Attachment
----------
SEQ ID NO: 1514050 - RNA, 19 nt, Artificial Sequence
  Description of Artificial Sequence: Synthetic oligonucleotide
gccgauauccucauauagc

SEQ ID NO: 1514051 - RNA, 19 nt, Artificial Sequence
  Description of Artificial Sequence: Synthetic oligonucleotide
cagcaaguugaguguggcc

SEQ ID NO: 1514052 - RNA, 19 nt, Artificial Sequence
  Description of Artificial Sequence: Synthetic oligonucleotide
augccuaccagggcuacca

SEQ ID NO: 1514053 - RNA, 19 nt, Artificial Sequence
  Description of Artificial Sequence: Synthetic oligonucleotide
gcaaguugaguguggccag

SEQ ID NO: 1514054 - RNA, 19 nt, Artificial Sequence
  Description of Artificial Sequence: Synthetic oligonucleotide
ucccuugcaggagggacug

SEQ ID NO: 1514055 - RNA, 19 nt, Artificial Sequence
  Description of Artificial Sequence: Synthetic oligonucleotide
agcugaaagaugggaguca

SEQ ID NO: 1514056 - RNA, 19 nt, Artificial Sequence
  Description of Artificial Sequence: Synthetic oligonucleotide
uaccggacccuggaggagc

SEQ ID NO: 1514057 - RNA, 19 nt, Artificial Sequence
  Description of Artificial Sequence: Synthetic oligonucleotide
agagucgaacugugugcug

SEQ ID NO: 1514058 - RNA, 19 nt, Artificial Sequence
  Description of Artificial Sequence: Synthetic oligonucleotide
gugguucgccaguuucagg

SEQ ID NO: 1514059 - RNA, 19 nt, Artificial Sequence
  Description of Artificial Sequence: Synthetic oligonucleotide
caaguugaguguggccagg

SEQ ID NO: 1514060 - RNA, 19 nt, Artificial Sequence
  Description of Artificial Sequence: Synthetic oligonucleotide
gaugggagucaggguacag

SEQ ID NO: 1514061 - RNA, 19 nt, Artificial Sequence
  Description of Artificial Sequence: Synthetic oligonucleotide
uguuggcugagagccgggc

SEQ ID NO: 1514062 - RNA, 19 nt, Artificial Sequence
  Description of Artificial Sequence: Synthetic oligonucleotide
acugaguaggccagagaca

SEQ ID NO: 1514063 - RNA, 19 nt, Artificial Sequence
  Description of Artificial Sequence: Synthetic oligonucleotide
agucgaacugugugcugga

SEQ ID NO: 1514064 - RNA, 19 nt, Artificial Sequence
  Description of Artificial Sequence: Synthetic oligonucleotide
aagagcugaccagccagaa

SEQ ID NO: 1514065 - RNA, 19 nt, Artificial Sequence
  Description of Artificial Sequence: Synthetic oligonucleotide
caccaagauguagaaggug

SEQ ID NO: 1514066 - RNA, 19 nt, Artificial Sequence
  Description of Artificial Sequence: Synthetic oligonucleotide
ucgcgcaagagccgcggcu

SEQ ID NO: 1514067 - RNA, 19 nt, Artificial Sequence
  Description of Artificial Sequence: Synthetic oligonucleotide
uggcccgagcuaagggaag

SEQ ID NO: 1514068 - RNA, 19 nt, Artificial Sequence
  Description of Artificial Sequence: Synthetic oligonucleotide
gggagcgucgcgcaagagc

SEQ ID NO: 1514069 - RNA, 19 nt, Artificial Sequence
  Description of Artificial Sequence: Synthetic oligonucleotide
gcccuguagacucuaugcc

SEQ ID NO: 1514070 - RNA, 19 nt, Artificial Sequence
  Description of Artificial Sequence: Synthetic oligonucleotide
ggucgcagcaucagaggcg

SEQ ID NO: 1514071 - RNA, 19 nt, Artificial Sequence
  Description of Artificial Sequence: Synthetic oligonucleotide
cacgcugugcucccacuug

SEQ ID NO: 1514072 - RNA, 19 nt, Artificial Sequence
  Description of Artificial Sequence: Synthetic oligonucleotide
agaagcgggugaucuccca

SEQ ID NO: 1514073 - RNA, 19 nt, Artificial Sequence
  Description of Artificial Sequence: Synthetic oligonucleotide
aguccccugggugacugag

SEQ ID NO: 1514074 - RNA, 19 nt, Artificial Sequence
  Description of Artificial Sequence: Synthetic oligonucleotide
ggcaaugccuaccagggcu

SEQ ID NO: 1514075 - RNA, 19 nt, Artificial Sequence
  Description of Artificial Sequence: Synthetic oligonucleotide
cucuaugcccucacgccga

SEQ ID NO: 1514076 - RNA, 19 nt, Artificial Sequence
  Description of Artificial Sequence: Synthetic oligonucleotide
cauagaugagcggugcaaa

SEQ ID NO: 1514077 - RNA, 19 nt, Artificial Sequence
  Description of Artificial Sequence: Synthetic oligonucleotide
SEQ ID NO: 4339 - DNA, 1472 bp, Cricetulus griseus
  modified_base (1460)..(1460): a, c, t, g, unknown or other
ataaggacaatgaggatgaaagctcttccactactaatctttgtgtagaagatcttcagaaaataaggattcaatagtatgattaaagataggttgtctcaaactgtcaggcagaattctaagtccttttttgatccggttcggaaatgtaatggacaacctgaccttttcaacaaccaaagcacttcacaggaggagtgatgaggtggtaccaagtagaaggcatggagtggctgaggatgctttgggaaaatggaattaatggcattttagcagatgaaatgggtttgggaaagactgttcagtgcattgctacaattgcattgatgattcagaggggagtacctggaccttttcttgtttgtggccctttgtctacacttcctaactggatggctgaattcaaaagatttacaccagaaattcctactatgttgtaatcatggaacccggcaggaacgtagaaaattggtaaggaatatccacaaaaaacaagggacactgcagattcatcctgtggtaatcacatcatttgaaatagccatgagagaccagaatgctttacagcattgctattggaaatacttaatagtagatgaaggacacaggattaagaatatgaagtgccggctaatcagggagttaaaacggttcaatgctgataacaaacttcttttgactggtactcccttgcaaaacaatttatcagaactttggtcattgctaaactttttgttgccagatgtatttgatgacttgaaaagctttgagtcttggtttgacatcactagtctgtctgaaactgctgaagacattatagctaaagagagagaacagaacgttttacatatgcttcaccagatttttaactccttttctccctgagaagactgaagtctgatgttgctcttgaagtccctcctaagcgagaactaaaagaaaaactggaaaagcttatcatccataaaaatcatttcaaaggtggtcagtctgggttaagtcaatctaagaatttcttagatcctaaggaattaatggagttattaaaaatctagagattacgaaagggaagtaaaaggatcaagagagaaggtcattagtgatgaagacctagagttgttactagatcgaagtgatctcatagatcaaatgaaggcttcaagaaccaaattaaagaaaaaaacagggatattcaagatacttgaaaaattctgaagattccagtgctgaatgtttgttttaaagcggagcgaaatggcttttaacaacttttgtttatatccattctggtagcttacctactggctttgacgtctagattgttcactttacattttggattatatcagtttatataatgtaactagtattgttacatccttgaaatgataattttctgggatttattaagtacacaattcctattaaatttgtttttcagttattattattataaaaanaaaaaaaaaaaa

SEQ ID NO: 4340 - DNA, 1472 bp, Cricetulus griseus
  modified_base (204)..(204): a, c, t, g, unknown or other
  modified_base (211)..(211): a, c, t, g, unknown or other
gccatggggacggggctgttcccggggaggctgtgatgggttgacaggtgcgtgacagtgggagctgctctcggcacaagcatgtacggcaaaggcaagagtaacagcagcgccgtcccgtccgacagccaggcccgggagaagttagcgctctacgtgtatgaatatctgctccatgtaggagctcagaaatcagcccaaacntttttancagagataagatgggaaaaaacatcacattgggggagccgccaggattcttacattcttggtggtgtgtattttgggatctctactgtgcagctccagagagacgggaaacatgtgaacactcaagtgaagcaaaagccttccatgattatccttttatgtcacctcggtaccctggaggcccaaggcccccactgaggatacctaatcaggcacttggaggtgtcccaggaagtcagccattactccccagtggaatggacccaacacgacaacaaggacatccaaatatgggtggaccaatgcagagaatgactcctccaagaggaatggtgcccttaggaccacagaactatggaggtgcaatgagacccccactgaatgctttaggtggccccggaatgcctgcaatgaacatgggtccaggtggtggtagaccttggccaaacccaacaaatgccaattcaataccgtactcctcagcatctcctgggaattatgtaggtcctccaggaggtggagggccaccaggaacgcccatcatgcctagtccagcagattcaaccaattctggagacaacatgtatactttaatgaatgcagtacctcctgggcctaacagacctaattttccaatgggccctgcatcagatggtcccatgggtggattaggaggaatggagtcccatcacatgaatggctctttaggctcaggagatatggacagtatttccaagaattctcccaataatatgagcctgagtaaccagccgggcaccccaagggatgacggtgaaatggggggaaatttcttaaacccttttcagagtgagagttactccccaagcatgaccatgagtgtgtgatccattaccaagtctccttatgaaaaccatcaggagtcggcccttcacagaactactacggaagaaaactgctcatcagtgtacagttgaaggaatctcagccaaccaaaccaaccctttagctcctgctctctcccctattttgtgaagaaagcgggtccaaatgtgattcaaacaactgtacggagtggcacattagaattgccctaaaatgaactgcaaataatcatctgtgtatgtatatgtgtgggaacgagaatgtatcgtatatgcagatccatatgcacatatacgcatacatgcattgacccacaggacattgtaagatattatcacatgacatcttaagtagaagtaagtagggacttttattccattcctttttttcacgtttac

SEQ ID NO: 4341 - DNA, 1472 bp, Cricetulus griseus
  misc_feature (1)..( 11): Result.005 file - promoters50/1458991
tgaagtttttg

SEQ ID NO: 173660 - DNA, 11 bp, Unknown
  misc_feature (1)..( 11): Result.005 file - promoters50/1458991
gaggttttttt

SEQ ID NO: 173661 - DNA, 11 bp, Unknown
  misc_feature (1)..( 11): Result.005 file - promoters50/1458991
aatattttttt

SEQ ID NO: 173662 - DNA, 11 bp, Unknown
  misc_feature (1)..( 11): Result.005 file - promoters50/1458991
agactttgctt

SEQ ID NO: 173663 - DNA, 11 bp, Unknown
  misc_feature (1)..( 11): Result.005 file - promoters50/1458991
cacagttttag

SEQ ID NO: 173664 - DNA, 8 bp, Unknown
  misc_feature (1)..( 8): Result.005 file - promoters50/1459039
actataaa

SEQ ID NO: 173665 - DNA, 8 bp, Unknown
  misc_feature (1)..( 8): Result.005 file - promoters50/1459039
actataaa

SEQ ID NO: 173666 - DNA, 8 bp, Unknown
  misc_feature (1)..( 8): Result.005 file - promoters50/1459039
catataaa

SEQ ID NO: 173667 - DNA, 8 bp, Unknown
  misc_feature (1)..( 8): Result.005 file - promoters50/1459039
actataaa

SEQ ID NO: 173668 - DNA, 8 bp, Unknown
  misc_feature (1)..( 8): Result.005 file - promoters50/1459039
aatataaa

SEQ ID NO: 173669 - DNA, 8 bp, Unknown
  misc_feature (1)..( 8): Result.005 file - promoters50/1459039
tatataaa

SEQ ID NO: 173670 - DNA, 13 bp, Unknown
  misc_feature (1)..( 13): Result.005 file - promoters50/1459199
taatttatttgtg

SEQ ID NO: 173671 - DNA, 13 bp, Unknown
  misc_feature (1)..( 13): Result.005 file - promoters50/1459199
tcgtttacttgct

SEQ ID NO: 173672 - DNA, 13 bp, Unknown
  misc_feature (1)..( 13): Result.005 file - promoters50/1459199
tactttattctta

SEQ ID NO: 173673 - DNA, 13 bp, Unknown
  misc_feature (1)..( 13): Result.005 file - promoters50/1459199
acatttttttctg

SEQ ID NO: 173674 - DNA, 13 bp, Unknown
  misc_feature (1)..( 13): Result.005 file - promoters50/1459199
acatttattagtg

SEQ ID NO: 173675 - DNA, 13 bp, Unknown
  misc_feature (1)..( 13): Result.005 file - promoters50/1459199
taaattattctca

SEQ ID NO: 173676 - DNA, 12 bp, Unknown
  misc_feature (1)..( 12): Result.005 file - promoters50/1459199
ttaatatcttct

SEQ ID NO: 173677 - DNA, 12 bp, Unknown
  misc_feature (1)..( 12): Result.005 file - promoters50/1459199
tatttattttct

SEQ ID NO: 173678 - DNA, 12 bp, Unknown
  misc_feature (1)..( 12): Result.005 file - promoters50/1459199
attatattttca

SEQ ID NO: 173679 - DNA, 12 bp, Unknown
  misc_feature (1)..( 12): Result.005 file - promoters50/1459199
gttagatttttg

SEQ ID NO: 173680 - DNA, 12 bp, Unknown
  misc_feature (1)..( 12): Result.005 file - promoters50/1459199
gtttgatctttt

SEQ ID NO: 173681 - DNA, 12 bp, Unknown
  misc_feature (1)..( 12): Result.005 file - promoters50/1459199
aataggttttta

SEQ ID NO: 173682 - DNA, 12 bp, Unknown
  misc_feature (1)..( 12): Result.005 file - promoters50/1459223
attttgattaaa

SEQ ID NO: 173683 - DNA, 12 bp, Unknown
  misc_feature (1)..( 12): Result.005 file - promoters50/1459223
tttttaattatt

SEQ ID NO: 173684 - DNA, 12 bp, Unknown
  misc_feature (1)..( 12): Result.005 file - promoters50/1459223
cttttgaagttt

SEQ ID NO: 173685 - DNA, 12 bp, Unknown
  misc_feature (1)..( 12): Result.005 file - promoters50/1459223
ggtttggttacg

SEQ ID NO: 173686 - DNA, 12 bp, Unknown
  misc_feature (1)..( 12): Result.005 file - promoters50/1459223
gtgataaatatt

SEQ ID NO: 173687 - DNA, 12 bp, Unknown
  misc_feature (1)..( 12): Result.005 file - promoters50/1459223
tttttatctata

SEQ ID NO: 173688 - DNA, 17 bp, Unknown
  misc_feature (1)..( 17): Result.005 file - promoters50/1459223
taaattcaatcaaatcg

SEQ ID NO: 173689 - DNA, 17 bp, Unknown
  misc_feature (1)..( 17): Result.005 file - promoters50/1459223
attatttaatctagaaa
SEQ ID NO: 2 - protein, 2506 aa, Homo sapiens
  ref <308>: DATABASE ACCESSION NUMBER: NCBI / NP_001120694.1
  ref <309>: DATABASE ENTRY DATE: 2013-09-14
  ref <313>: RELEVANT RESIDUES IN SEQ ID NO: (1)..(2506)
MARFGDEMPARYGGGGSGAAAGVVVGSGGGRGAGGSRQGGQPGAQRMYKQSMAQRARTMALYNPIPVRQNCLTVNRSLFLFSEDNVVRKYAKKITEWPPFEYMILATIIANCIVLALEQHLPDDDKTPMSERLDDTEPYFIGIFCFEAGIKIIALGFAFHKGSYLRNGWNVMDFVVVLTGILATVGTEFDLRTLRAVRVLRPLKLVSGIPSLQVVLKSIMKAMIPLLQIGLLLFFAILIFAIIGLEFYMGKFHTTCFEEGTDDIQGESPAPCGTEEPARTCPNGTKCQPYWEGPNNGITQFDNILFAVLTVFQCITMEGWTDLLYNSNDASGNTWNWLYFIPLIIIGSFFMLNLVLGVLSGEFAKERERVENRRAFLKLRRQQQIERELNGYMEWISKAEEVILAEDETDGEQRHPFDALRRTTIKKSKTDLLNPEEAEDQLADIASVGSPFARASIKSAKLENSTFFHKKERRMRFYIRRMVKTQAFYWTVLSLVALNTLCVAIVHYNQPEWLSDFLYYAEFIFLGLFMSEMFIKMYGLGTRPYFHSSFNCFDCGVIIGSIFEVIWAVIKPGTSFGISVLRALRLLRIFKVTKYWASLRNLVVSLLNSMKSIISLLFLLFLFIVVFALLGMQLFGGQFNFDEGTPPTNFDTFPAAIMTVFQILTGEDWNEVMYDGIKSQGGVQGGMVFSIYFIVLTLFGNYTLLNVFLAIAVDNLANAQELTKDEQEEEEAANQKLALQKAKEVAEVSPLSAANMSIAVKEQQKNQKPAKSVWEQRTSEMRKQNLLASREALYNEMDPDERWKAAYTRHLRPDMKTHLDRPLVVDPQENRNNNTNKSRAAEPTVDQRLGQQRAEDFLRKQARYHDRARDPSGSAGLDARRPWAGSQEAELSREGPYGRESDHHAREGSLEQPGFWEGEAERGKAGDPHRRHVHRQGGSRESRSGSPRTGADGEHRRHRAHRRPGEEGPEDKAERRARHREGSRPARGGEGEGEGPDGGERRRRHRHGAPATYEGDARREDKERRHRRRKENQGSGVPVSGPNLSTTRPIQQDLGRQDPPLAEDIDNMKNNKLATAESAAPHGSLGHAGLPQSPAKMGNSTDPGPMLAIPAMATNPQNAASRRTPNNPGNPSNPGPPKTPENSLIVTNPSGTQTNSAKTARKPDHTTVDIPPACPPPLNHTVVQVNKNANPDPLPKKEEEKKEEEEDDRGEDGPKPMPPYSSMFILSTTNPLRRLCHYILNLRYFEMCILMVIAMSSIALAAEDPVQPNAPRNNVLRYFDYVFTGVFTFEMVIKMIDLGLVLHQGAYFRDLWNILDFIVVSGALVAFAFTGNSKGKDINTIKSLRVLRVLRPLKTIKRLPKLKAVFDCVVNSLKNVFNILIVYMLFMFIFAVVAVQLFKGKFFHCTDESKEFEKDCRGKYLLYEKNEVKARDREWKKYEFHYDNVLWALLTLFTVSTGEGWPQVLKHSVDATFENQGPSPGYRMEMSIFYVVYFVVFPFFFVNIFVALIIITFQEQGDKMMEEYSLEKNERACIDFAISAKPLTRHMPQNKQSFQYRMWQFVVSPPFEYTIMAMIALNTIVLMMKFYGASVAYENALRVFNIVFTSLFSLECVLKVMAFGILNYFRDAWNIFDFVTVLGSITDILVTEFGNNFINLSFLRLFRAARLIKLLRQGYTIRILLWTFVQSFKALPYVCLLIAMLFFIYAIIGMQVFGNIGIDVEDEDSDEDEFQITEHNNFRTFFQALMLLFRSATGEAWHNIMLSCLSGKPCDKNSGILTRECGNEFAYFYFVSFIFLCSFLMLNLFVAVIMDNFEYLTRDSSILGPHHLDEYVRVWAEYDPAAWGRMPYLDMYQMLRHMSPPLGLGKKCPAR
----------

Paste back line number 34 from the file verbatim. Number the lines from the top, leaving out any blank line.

SEQ ID NO: 1514061 - RNA, 19 nt, Artificial Sequence